Officials at the Khmer Rouge tribunal must act quickly regarding the future of the court by either committing to a second “mini-trial” or risking “an ignominious end” that would undermine its efforts to date, the George Soros-funded Open Society Justice Initiative (OSJI) has said in a new report.
Hearings in the first segment of Case 002, which was split into smaller trials to try to secure a conviction against the two ailing top leaders of the Khmer Rouge regime, wrapped up last week with a verdict expected next year. A date has not yet been set for the start of the second mini-trial.
Central to the OSJI report, released Sunday, are issues of timeliness and money—compounded by a lack of transparency—which the organization said could see a subsequent trial scrapped before its completion.
“If [the U.N. and senior court officials] do not step up, two grim alternatives present themselves: either the court will limp along until there is an embarrassing blow-up that results in it winding up its operations in disgrace,” the report says. “Alternatively, it could enter an equally embarrassing state of limbo, with staff and judges leaving because the donors stop funding without actually making a decision about how to preserve the benefits of the court for Cambodians.
“Both of these consequences can and should be avoided by ending the current stalemate with proactive planning and honesty.”
A three-day Trial Management meeting on how to proceed has been scheduled for December 11.
“At this late stage, it appears that very little planning has taken place, partially because it remains unclear if the court will proceed with the second trial,” the OSJI said, adding that despite the upcoming meeting, “it is clear the court is a long way from being ready to start a second phase trial in the case.”
The OSJI said that while every effort must be made to ensure the court’s mandate—which actually spans four cases, two of which the government has repeatedly said it opposes—“concerns about whether that is feasible or practical have been raised.”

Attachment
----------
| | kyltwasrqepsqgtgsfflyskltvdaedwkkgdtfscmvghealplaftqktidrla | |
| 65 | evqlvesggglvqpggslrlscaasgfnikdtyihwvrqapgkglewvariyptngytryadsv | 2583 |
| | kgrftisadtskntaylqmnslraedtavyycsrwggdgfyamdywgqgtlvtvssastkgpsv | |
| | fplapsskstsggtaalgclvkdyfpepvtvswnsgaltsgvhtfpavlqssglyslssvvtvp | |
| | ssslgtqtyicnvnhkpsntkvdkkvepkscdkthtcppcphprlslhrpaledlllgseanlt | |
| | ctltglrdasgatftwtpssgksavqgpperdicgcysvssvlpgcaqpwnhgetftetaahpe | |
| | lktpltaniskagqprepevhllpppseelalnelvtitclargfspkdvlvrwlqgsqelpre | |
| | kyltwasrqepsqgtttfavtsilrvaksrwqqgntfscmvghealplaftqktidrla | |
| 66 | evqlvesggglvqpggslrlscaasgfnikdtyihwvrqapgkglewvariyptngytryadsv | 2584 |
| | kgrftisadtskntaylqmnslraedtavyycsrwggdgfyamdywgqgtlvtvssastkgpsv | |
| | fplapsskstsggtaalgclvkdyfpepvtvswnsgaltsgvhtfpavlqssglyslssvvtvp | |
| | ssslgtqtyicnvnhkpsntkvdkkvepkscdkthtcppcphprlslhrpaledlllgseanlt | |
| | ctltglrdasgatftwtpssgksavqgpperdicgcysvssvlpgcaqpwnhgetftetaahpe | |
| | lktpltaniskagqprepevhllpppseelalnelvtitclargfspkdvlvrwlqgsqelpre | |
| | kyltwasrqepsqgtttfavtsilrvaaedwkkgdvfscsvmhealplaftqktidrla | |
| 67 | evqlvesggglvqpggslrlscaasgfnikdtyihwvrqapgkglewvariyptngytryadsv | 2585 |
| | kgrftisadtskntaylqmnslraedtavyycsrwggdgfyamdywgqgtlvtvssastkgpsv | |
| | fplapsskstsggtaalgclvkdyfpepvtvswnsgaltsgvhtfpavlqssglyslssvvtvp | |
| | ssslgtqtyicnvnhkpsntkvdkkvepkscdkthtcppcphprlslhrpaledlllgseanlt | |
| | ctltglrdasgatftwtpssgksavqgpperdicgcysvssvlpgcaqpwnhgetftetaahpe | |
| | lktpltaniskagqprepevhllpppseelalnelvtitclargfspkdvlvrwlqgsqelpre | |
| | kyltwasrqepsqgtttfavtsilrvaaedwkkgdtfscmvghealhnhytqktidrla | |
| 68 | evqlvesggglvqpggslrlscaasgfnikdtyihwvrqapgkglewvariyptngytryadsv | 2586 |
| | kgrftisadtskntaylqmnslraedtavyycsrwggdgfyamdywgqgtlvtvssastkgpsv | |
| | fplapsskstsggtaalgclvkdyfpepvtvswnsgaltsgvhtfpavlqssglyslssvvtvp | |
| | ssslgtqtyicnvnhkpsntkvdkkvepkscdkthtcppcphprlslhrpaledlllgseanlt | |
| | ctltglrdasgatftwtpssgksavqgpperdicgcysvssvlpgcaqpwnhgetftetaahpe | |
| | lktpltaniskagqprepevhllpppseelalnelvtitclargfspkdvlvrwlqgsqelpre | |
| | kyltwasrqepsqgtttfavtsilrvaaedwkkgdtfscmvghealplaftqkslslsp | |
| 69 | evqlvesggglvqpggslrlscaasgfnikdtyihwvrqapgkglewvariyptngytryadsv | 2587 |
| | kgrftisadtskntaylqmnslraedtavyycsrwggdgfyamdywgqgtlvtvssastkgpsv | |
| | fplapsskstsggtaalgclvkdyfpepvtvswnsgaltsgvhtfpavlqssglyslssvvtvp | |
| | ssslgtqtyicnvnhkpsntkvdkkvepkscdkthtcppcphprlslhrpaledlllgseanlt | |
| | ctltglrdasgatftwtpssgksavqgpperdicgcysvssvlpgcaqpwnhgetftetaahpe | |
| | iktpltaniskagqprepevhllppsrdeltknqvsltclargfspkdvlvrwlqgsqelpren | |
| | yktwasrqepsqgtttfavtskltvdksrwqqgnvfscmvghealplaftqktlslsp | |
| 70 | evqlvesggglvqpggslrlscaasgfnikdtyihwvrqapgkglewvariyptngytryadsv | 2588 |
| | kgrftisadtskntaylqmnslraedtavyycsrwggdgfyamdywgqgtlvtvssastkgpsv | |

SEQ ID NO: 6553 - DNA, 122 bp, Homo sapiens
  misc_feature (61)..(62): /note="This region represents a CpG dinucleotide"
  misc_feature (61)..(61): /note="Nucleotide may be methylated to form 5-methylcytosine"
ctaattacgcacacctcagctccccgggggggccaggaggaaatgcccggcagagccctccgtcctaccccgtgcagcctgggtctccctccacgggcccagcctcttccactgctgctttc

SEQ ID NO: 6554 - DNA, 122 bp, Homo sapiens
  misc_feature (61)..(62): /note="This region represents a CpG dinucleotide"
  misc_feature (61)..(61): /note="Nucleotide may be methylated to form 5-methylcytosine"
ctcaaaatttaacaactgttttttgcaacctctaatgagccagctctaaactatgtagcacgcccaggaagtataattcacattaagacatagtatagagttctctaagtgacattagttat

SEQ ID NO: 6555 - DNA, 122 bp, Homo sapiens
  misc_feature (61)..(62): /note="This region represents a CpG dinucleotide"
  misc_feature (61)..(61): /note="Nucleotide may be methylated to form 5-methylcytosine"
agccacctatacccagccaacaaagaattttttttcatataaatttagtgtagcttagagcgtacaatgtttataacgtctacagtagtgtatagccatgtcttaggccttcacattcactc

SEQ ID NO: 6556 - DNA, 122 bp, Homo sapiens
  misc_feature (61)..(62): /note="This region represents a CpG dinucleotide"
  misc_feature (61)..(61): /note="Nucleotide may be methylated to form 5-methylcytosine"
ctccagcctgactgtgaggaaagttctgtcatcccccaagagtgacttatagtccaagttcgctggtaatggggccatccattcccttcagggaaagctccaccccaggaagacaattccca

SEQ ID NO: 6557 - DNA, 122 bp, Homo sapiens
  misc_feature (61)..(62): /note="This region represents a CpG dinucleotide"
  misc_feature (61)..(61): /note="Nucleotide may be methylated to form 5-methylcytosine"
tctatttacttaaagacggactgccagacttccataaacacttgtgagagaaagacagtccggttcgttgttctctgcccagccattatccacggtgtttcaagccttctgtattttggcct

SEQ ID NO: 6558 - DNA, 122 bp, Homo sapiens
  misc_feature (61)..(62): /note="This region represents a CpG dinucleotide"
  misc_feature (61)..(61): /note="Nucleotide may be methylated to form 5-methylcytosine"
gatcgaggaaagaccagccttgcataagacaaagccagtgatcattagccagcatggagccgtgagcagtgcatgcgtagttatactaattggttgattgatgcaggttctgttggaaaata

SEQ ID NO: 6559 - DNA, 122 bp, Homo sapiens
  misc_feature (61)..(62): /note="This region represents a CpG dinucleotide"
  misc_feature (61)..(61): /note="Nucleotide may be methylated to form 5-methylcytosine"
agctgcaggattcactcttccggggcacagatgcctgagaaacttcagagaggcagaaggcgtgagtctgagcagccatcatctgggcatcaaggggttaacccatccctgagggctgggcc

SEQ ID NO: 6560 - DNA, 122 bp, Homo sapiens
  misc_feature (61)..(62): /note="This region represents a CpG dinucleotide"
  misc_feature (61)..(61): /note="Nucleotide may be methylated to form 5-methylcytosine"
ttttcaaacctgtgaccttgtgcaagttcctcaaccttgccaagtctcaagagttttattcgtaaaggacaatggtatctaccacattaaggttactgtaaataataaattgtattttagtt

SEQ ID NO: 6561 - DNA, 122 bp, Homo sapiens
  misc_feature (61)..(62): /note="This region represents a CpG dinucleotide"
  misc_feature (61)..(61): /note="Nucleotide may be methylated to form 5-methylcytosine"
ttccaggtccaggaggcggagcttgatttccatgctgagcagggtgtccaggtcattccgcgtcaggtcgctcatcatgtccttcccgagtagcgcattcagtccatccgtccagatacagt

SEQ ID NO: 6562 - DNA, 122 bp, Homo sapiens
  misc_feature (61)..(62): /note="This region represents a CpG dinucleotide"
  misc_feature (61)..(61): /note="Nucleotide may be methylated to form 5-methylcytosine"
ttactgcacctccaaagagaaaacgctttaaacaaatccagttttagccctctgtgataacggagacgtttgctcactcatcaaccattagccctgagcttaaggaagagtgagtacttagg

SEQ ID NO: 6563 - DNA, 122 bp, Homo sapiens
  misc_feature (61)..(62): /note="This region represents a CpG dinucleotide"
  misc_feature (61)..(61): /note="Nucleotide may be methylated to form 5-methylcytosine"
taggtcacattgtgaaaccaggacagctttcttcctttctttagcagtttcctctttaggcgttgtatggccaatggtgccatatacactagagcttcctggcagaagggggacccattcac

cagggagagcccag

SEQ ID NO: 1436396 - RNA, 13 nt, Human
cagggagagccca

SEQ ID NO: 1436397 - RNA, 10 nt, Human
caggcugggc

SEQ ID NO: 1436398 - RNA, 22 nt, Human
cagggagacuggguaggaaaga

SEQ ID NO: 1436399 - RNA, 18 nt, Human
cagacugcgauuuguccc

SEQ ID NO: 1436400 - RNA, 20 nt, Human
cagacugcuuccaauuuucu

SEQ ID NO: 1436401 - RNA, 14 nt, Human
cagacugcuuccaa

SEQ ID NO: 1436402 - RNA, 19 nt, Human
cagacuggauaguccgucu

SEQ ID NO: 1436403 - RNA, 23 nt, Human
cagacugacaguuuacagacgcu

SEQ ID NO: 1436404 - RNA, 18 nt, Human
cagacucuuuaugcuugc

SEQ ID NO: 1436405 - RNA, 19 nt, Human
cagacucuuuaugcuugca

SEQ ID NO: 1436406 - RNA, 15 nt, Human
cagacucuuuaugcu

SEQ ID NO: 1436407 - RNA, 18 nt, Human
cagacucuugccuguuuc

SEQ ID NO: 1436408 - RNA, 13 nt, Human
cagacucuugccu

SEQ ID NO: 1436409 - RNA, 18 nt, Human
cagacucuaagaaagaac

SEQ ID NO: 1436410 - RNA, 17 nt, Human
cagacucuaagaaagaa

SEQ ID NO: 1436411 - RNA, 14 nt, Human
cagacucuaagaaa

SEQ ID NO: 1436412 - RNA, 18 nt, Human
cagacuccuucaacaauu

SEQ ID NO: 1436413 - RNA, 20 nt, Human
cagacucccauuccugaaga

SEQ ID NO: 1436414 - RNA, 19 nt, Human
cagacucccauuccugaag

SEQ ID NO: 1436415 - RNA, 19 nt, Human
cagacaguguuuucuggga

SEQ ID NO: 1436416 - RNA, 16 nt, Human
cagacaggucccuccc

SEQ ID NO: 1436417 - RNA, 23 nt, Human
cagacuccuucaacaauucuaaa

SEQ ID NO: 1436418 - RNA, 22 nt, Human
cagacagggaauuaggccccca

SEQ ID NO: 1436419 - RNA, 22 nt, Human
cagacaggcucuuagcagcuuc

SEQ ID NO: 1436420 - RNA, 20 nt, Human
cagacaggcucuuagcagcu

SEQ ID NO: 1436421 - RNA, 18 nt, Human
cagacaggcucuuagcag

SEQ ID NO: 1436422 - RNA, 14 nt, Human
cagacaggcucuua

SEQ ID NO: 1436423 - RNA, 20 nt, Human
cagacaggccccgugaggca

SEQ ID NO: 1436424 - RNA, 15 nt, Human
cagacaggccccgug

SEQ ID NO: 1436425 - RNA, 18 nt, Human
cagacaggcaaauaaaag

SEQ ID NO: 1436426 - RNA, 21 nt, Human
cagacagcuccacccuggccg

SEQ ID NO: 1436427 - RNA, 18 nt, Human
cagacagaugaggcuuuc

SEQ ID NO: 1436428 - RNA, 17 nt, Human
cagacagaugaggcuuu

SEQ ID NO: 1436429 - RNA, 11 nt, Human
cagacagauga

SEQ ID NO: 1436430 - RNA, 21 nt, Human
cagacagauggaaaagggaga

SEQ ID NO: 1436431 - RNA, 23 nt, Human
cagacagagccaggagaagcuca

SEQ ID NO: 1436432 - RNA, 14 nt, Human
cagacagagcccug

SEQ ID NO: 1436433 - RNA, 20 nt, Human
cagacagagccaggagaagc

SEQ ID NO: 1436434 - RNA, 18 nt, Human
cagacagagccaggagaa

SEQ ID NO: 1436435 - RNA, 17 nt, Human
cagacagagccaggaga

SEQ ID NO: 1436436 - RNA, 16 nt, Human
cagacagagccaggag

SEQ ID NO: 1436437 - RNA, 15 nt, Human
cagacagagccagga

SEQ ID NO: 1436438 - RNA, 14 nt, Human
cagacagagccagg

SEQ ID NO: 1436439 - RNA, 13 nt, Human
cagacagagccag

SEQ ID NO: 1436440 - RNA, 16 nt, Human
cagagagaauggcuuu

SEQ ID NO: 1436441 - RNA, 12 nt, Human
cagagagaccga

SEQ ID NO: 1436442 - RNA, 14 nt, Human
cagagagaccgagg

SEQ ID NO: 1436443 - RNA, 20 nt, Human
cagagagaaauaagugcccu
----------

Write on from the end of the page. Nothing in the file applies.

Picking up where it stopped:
The age and health of Nuon Chea, 87, and Khieu Samphan, 82, need to be taken into consideration alongside the need for any future trials to be carried out in an expeditious manner, the OSJI report says. Their current trial took two years to complete.
The funding situation at the hybrid U.N./Cambodian court also needs to be assessed, the OSJI said. National staff have gone on strike twice since January after going unpaid for some months—a situation exacerbated by government claims that it could not uphold its side of the deal to establish the court by paying the salaries. Last month, the government said it would fulfill its obligations to pay the national staff through the end of the year.
“The donor states and the Government of Cambodia have not made a reliable commitment to adequately fund the court through a second Case 002 trial,” the OSJI said.
“If they are not willing to do so, they should say so honestly now and avoid the travesty of a trial that stops midway before its natural conclusion because of a lack of funding.
“The judges, the court administration, the U.N. and the Government of Cambodia should immediately explore options so that valuable work already done by the court is not lost should its operations be cut short, either because of the death of accused persons or because the donors decline to fund the court further.
“These processes must be as transparent as possible. If a decision is made by the donors, the U.N. and the Government of Cambodia that the trial should not go forward for political, practical or financial reasons, the parties must honestly say so immediately.”
The tribunal has so far cost about $200 million, and secured one conviction—that of former S-21 prison chief Kaing Guek Eav, alias Duch.
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